Friday, December 19, 2014

"Under the Skin" Will Get...Well...Under Your Skin...

*This is going to be a relatively short review. These short review will be more and more common as I try to weigh in on as many films as possible at the end of the year.

Under the Skin

I remember first reading about Under the Skin a few months ago thinking that it looked like a more serious version of Species. Then I forgot about it until I received a screener. This is definitely different, and much better, than Species.

Under the Skin is probably most notable for its A-list star, Scarlett Johannson. It's notable because this by far the weirdest movie she's ever done, and she made it at the height of her Marvel popularity. This is just a cool move for Johannson, and it made me respect her as actress even more. I've always felt that her Black Widow character is kind of worthless (though she does get more attention in the Cap sequel) from an acting standpoint. It's still primarily a physical performance. Her role in Under the Skin, while still physical (her beautiful appearance is important) is much more nuanced than anything she has done lately.

Johansson's performance is different because she's playing an alien that lures men to her home/weird black void for unclear, but certainly evil purposes. While most alien-themed films would be much more straightforward, this film is told from Johannson's perspective. So she knows what she's doing and why, but there's no reason for her character to announce it. We just have to figure it out. Johannson's performance is basically a series of reactions to the world around her as she carries out her nefarious job. Her performance early on is chilly, to say the least, yet she somehow evokes sympathy in the latter half of the film when her character changes. But back to that weird black void I mentioned.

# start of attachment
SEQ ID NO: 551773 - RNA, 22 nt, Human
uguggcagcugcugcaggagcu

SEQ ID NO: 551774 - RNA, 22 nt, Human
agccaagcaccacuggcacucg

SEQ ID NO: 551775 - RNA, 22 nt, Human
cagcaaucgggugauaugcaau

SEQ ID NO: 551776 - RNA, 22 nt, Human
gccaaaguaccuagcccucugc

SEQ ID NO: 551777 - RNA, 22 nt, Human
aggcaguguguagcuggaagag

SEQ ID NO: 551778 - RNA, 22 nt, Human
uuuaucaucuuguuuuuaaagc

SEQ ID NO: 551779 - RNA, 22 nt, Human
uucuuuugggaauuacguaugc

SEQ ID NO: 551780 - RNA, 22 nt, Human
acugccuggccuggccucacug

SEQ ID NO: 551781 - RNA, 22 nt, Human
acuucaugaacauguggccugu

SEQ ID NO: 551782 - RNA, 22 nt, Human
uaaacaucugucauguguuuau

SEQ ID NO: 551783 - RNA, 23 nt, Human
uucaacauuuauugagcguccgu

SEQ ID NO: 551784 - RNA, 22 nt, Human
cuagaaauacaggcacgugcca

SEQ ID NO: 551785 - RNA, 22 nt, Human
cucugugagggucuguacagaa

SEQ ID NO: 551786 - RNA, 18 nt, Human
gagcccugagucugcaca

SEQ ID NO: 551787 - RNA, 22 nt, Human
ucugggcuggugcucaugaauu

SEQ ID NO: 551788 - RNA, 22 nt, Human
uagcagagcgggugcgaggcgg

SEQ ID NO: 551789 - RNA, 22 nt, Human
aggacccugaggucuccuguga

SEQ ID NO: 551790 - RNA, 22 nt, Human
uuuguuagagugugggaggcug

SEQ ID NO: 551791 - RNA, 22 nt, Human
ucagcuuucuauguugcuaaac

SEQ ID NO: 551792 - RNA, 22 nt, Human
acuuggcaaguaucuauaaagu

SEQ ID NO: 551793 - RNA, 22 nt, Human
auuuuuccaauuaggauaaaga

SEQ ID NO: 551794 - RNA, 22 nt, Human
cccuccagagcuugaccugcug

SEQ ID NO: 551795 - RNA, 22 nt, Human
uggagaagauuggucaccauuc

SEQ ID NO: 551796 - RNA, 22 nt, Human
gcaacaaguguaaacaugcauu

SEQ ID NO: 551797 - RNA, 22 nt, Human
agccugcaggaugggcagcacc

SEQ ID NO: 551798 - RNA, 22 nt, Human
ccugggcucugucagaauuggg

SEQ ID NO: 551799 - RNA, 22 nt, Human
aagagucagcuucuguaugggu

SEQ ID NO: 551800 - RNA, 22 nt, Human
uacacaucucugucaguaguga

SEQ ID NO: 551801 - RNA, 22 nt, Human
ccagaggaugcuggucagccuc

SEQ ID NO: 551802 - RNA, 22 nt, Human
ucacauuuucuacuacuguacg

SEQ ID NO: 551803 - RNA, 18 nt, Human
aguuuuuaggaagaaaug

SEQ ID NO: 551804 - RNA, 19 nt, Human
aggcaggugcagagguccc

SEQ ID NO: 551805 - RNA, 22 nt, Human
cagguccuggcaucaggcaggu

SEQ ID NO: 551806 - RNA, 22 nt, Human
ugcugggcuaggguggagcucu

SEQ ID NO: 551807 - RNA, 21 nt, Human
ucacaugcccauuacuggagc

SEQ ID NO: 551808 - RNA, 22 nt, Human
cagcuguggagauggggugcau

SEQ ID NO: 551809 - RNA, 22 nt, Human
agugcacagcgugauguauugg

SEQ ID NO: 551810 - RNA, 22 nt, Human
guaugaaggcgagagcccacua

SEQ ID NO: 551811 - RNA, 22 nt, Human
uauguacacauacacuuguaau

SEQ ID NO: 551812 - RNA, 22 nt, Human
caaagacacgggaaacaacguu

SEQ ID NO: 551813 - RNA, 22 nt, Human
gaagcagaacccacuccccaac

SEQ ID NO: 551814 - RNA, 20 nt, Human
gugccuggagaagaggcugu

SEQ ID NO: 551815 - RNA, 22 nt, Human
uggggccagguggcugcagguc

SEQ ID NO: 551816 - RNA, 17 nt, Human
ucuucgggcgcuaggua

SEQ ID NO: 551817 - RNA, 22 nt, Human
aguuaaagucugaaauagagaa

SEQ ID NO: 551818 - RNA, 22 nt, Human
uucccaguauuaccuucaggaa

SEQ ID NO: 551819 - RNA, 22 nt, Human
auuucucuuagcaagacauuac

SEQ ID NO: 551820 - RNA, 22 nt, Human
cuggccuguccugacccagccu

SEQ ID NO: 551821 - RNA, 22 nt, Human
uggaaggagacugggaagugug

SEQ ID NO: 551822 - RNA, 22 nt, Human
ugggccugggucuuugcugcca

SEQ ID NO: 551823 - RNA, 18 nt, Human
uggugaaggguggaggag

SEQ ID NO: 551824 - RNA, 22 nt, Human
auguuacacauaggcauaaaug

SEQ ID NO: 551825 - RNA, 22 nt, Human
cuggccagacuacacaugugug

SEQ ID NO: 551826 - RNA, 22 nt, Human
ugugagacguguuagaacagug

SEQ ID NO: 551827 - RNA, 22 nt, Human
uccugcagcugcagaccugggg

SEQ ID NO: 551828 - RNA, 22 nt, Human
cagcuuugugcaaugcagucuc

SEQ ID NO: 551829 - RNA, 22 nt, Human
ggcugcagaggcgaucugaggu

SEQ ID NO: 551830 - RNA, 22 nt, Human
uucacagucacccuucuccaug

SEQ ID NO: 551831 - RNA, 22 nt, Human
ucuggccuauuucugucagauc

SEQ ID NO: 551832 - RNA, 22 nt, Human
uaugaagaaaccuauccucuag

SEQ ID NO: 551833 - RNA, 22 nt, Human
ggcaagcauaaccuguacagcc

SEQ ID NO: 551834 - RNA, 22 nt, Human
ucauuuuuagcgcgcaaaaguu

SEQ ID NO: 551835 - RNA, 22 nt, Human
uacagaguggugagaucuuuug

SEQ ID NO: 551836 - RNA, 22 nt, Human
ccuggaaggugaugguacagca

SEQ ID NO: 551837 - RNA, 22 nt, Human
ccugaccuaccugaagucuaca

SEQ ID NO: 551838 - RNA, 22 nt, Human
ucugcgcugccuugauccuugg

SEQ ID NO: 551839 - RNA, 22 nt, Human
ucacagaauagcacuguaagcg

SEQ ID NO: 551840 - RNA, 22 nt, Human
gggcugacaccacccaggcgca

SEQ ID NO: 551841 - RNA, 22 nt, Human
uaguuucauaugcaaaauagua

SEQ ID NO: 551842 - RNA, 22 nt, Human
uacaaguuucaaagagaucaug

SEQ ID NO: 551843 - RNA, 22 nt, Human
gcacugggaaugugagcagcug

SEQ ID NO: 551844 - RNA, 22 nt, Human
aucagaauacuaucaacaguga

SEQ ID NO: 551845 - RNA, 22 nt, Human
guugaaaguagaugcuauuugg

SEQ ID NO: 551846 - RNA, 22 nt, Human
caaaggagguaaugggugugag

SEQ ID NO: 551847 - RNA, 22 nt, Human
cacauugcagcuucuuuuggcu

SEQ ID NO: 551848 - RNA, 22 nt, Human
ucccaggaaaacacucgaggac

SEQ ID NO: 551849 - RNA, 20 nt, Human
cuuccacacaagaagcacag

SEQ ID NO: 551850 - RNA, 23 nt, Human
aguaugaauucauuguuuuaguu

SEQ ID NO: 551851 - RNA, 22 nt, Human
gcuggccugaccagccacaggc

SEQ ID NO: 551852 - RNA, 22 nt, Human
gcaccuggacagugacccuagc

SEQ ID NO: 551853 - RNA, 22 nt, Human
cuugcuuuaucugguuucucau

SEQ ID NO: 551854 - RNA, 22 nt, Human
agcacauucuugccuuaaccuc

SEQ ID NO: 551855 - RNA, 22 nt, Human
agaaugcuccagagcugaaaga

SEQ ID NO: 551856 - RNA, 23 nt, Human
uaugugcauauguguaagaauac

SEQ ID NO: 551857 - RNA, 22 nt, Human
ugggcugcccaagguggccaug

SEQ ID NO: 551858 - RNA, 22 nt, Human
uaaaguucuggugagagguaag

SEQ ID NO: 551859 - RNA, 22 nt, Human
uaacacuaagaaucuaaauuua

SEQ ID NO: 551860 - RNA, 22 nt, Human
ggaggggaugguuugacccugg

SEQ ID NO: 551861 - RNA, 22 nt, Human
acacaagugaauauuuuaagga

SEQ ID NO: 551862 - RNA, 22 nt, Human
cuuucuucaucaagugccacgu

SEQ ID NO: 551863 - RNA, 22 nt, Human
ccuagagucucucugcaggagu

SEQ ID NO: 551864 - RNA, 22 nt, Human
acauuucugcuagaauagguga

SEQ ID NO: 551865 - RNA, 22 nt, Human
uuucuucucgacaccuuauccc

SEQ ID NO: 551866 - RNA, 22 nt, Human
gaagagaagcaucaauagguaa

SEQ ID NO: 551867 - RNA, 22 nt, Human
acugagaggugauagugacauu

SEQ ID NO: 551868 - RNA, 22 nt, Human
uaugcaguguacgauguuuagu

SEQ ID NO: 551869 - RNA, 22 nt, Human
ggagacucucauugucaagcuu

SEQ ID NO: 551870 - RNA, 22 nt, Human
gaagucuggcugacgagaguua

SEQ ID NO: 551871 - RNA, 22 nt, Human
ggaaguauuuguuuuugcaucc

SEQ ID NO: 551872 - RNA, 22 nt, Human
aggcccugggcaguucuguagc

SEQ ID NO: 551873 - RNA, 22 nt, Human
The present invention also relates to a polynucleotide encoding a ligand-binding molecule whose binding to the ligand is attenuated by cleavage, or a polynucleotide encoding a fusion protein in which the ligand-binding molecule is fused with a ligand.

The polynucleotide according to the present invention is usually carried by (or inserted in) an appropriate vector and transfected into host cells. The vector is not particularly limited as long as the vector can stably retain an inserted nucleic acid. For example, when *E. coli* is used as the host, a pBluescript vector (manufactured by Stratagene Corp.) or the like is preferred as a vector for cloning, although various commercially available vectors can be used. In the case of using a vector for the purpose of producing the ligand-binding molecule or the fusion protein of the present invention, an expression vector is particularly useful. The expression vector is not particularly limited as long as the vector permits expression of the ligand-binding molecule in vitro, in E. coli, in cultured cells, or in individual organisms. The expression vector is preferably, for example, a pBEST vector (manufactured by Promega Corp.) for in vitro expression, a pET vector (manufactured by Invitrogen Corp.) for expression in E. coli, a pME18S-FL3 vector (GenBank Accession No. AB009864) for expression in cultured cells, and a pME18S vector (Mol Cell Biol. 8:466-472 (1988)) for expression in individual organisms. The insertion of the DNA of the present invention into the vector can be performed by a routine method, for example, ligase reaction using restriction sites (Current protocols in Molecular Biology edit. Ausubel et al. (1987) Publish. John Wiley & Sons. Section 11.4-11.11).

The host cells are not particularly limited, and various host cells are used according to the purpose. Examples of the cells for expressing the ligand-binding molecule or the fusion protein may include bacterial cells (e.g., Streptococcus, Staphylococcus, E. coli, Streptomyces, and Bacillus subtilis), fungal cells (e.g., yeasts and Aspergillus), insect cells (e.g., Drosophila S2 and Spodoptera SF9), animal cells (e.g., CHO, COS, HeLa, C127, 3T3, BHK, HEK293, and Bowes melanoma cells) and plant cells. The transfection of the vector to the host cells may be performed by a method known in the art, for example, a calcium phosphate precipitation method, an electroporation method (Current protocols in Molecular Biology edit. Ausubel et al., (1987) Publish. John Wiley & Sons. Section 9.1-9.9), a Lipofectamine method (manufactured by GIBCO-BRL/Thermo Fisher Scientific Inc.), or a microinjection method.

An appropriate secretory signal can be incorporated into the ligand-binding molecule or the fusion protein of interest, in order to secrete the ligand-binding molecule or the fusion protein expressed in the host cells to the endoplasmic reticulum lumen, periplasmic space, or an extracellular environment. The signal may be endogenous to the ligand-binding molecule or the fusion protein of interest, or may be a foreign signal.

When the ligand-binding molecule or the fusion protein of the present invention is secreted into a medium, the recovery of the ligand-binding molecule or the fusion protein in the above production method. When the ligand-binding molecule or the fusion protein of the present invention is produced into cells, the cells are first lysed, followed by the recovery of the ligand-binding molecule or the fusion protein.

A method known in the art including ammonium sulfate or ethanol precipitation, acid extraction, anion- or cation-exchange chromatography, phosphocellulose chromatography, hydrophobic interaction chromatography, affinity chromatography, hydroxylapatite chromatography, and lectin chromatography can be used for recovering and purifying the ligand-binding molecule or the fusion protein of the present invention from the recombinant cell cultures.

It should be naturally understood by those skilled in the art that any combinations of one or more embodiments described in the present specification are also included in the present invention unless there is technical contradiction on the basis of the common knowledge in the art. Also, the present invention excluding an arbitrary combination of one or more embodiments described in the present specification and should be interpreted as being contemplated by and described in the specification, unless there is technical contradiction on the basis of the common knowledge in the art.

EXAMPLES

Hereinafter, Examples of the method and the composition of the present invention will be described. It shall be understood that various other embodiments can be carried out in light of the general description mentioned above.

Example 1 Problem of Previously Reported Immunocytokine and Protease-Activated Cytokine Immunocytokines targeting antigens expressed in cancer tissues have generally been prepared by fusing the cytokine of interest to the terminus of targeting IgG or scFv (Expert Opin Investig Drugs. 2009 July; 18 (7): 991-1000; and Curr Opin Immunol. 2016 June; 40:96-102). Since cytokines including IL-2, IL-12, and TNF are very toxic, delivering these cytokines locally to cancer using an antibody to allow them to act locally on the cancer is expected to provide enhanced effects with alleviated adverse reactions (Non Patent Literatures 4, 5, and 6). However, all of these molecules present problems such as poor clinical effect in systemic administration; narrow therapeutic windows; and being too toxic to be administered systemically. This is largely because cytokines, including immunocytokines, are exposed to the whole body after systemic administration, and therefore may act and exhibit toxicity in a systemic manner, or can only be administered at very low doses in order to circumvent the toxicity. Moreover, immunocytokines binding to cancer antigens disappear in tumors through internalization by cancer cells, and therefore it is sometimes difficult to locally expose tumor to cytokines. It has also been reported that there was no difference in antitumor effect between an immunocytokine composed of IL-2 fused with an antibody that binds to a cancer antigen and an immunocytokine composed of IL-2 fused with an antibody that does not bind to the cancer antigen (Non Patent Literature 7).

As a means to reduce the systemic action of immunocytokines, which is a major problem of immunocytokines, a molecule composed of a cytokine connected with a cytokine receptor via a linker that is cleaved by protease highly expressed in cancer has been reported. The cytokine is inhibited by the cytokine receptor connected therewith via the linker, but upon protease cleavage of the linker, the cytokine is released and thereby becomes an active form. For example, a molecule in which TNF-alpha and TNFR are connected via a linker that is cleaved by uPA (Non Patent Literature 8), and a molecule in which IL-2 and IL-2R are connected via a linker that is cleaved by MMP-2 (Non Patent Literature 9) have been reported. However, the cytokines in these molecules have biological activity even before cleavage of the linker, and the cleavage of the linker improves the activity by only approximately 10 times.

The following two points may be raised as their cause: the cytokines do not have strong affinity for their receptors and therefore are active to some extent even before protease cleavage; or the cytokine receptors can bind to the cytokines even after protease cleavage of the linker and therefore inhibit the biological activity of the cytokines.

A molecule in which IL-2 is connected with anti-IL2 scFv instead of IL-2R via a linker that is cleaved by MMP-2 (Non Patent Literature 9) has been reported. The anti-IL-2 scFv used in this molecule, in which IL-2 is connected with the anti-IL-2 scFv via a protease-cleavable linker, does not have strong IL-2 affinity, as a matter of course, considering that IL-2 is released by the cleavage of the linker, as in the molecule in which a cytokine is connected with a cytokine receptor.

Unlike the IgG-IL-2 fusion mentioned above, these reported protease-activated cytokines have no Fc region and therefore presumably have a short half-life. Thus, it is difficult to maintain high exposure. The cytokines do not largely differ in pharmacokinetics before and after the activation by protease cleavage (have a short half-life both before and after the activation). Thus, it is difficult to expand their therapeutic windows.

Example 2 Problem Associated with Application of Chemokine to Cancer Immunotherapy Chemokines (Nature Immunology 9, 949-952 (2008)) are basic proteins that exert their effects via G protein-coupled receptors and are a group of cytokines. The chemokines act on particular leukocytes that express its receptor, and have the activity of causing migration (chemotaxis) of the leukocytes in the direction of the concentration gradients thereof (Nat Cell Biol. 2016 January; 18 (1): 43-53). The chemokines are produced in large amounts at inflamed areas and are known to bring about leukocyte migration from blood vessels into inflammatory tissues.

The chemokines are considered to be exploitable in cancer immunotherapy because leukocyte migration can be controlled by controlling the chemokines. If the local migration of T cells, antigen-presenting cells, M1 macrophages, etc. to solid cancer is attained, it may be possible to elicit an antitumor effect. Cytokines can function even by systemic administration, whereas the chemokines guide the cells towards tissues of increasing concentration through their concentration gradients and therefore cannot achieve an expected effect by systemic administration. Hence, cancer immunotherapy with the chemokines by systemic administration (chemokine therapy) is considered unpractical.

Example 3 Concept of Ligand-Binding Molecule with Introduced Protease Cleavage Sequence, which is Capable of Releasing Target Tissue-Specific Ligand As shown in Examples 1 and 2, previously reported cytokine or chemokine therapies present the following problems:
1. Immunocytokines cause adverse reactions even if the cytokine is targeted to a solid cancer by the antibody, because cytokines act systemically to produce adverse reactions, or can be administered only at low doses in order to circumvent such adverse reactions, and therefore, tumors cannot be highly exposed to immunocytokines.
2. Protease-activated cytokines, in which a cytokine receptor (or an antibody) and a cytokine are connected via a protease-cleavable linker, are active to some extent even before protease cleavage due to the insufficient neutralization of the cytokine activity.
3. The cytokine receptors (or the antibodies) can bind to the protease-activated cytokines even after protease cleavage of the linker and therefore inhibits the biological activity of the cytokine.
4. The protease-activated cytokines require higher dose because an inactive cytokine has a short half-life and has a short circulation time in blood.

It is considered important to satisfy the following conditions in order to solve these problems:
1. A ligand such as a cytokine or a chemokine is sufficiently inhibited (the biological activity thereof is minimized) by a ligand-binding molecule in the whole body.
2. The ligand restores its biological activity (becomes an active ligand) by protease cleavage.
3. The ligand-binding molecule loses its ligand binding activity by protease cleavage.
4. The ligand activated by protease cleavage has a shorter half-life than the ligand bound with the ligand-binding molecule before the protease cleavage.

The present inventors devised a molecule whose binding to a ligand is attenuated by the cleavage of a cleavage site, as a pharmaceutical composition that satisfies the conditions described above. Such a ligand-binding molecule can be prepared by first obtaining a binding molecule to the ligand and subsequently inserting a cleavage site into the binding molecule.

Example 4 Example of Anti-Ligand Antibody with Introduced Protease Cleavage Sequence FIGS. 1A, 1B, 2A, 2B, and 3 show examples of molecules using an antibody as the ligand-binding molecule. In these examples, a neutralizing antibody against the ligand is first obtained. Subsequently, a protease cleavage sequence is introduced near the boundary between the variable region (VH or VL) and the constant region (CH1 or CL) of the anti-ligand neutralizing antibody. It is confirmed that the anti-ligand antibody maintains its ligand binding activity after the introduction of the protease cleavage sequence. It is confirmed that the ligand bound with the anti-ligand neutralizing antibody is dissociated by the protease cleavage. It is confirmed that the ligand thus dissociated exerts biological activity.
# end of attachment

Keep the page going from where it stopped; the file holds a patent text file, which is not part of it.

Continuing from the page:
Under the Skin is like a nightmare, and I mean that as a compliment. From the dead-eyed huntress Johansson plays to the creepy plot to the unsettling music, this film creates and sustains mood like few other films. Writer/director Jonathan Glazer, adapting from the much more straightforward book by Michael Faber, definitely had a vision for this film. Visually, it's striking and memorable, but it's the score by Mica Levi that stuck with me. The music is reminiscent of theremin music from the sci-fi films of the '50s. Normally, such music would just be cheesy, but it is tweaked here enough that it sticks with you long after the film is over. 

So if you're looking for one of the most unnerving, strange movies of the year, check out Under the Skin (it's available on Amazon Prime Instant at the moment). 

Under the Skin receives a:

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